Introduction: There is a growing list of drugs implicated in inducing both subacute and chronic forms of cutaneous lupus erythematosus. It is important to recognize these drugs in order to quickly treat patients with drug induced disease.Areas covered: This paper reviews the current literature describing drugs implicated in causing cutaneous lupus erythematosus. A Pubmed search was used to compile a list of medications implicated up to August 2019. It reviews new classes of drugs identified as causing cutaneous lupus erythematosus, the pathophysiology of the disease process, and current recommendations for treatment of the disease.Expert opinion: Many drugs have been identified as inducing lupus, and many more continue to be described in new reports. Further research is needed to understand this phenomenon, which will aid in the diagnosis and treatment of affected patients.


Assuntos
Erupção por Droga/etiologia , Lúpus Eritematoso Cutâneo/induzido quimicamente , Doença Crônica , Erupção por Droga/fisiopatologia , Humanos , Lúpus Eritematoso Cutâneo/fisiopatologia
20.
Asian Pac J Allergy Immunol ; 38(1): 47-51, 2020 Mar.
Artigo em Inglês | MEDLINE | ID: mdl-30447655

RESUMO

Vancomycin (VCM) has been reported to elicit adverse cutaneous drug reactions. However, VCM-associated purpuric drug eruption has not been reported yet, except leukocytoclastic vasculitis. A 16-year-old Japanese girl was admitted with a respiratory infection. We initiated intravenous administration of VCM. After the start of treatment, impalpable purpuric eruption appeared on her trunk. The eruption gradually extended to her neck, legs, and arms. Skin biopsy showed vasculitis with lymphocyte infiltration in the superficial dermis. A drug lymphocyte stimulation test yielded positive results for VCM. Her cutaneous symptoms rapidly reversed after the withdrawal of VCM. To the best of our knowledge, this is the first reported case of VCM-associated purpuric drug eruption, which differs from leukocytoclastic vasculitis. We recommend that VCM-associated purpuric drug eruption should be considered in the differential diagnosis during the administration of VCM, and a drug lymphocyte stimulation test may be useful for assessment of pathogenesis.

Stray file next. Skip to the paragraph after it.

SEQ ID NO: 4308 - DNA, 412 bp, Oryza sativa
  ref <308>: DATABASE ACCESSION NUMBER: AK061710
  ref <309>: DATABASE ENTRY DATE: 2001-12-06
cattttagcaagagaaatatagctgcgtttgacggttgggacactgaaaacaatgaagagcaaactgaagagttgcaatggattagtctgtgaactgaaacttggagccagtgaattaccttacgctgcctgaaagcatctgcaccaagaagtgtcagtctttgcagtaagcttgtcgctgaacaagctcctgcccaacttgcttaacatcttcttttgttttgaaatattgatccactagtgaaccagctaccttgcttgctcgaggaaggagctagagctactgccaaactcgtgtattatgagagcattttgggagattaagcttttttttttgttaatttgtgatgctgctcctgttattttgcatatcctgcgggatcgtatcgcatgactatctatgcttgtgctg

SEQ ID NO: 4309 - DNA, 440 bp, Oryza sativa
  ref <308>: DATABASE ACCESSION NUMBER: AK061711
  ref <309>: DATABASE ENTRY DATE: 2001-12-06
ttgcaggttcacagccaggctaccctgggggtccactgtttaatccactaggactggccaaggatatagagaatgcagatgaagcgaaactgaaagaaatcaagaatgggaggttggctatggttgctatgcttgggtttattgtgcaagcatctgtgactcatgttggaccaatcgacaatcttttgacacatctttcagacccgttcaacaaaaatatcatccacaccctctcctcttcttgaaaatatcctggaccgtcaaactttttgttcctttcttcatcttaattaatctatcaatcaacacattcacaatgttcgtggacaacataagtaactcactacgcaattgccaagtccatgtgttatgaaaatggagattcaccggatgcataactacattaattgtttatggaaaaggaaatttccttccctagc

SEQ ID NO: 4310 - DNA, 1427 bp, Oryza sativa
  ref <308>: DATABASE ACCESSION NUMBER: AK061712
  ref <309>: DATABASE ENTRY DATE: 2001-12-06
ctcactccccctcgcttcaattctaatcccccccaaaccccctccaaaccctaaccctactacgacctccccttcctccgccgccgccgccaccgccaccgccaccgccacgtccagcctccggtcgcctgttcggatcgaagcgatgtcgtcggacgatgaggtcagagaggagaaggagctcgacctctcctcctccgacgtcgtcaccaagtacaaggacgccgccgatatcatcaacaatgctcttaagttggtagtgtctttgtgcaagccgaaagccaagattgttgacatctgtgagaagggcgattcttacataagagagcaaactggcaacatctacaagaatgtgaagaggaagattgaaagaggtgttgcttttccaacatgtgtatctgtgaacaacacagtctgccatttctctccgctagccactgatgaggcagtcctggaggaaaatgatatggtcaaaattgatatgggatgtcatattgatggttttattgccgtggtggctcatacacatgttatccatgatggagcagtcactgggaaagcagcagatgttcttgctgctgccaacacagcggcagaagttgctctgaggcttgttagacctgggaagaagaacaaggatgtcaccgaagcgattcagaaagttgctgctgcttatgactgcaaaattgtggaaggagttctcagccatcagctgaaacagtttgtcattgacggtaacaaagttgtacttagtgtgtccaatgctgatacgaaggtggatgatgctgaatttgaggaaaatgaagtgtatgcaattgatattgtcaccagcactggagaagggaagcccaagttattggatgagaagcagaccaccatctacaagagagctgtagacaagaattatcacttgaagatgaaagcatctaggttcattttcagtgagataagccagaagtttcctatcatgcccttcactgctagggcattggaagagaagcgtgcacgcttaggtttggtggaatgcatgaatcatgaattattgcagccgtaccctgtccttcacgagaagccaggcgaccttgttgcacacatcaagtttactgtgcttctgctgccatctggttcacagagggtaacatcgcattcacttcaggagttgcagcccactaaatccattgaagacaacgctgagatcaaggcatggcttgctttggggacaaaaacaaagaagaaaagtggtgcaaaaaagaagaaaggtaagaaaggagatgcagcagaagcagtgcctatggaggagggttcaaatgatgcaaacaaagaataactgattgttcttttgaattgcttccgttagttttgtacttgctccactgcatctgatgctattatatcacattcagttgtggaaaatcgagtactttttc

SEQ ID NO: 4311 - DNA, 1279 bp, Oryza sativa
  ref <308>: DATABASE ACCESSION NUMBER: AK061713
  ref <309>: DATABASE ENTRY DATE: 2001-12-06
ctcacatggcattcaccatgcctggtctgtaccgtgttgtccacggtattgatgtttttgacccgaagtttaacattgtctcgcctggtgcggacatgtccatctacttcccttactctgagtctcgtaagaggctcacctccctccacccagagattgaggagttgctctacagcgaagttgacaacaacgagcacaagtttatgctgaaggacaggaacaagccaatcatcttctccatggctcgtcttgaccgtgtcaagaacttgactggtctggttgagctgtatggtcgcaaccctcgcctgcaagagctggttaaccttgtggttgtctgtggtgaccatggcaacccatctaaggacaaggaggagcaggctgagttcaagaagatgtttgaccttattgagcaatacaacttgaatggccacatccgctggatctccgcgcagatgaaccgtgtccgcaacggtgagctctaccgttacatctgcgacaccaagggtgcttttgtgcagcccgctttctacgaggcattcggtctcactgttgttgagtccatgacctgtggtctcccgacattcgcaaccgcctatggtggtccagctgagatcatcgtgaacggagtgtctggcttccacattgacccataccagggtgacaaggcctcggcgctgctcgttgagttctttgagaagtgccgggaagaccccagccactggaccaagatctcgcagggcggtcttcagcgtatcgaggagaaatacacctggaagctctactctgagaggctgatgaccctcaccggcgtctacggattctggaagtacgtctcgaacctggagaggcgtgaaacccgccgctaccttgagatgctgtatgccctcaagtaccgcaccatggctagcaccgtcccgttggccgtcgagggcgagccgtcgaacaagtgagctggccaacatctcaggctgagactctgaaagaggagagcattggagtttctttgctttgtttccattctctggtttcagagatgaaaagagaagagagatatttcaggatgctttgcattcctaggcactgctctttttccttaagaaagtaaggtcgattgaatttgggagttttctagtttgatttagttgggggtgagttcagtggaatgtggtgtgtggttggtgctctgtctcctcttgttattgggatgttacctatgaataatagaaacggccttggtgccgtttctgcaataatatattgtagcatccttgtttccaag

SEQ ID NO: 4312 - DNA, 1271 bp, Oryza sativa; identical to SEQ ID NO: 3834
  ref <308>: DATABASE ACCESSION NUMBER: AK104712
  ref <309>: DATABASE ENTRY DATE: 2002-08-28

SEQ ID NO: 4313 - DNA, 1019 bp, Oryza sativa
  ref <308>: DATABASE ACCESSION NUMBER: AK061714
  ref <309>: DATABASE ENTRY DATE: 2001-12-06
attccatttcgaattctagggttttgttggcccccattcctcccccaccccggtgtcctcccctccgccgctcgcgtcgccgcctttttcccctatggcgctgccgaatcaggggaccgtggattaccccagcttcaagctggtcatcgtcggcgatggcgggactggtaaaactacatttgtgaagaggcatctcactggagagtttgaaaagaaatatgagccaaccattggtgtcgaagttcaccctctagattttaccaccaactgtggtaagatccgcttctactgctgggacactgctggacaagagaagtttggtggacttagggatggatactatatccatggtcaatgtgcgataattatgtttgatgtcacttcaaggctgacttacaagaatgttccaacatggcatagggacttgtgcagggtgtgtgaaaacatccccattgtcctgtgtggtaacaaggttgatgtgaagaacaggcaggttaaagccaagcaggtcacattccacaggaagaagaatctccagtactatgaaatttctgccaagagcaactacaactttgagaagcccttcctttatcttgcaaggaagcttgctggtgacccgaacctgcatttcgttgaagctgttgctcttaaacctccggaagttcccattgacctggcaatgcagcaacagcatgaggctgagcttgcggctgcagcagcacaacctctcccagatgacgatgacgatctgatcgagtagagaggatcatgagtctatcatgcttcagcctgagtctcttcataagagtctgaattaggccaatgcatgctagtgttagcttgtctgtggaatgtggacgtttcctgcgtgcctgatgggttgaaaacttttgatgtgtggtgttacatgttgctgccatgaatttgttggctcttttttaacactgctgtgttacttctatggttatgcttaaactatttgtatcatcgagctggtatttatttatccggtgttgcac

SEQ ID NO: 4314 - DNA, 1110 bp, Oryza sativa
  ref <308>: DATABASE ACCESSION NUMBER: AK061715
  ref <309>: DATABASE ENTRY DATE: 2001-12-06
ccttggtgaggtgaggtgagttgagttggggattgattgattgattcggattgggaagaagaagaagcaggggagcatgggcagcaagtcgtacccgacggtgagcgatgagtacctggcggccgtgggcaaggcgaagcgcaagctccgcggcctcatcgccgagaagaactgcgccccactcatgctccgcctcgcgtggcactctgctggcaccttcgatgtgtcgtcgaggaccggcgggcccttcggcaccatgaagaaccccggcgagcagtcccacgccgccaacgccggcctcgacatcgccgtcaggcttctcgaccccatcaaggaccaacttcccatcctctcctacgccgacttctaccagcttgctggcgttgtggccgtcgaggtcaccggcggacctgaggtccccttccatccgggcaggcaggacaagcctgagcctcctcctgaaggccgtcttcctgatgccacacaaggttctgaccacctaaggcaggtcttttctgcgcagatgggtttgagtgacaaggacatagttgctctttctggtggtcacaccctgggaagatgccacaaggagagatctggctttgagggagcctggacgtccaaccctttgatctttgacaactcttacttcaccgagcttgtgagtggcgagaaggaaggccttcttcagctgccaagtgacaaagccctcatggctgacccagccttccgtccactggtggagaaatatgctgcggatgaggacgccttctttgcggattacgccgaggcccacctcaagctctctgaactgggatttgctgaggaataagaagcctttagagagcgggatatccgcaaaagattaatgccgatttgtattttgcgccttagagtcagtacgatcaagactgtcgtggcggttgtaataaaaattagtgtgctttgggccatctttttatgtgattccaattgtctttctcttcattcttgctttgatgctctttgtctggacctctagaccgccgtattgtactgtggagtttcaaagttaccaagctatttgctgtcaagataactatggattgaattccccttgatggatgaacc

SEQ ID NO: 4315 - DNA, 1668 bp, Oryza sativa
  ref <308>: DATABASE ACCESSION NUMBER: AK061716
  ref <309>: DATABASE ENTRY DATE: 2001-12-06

Assuntos
Erupção por Droga/etiologia , Púrpura/etiologia , Vancomicina/efeitos adversos , Adolescente , Biópsia , Feminino , Humanos , Japão , Pele , Vasculite Leucocitoclástica Cutânea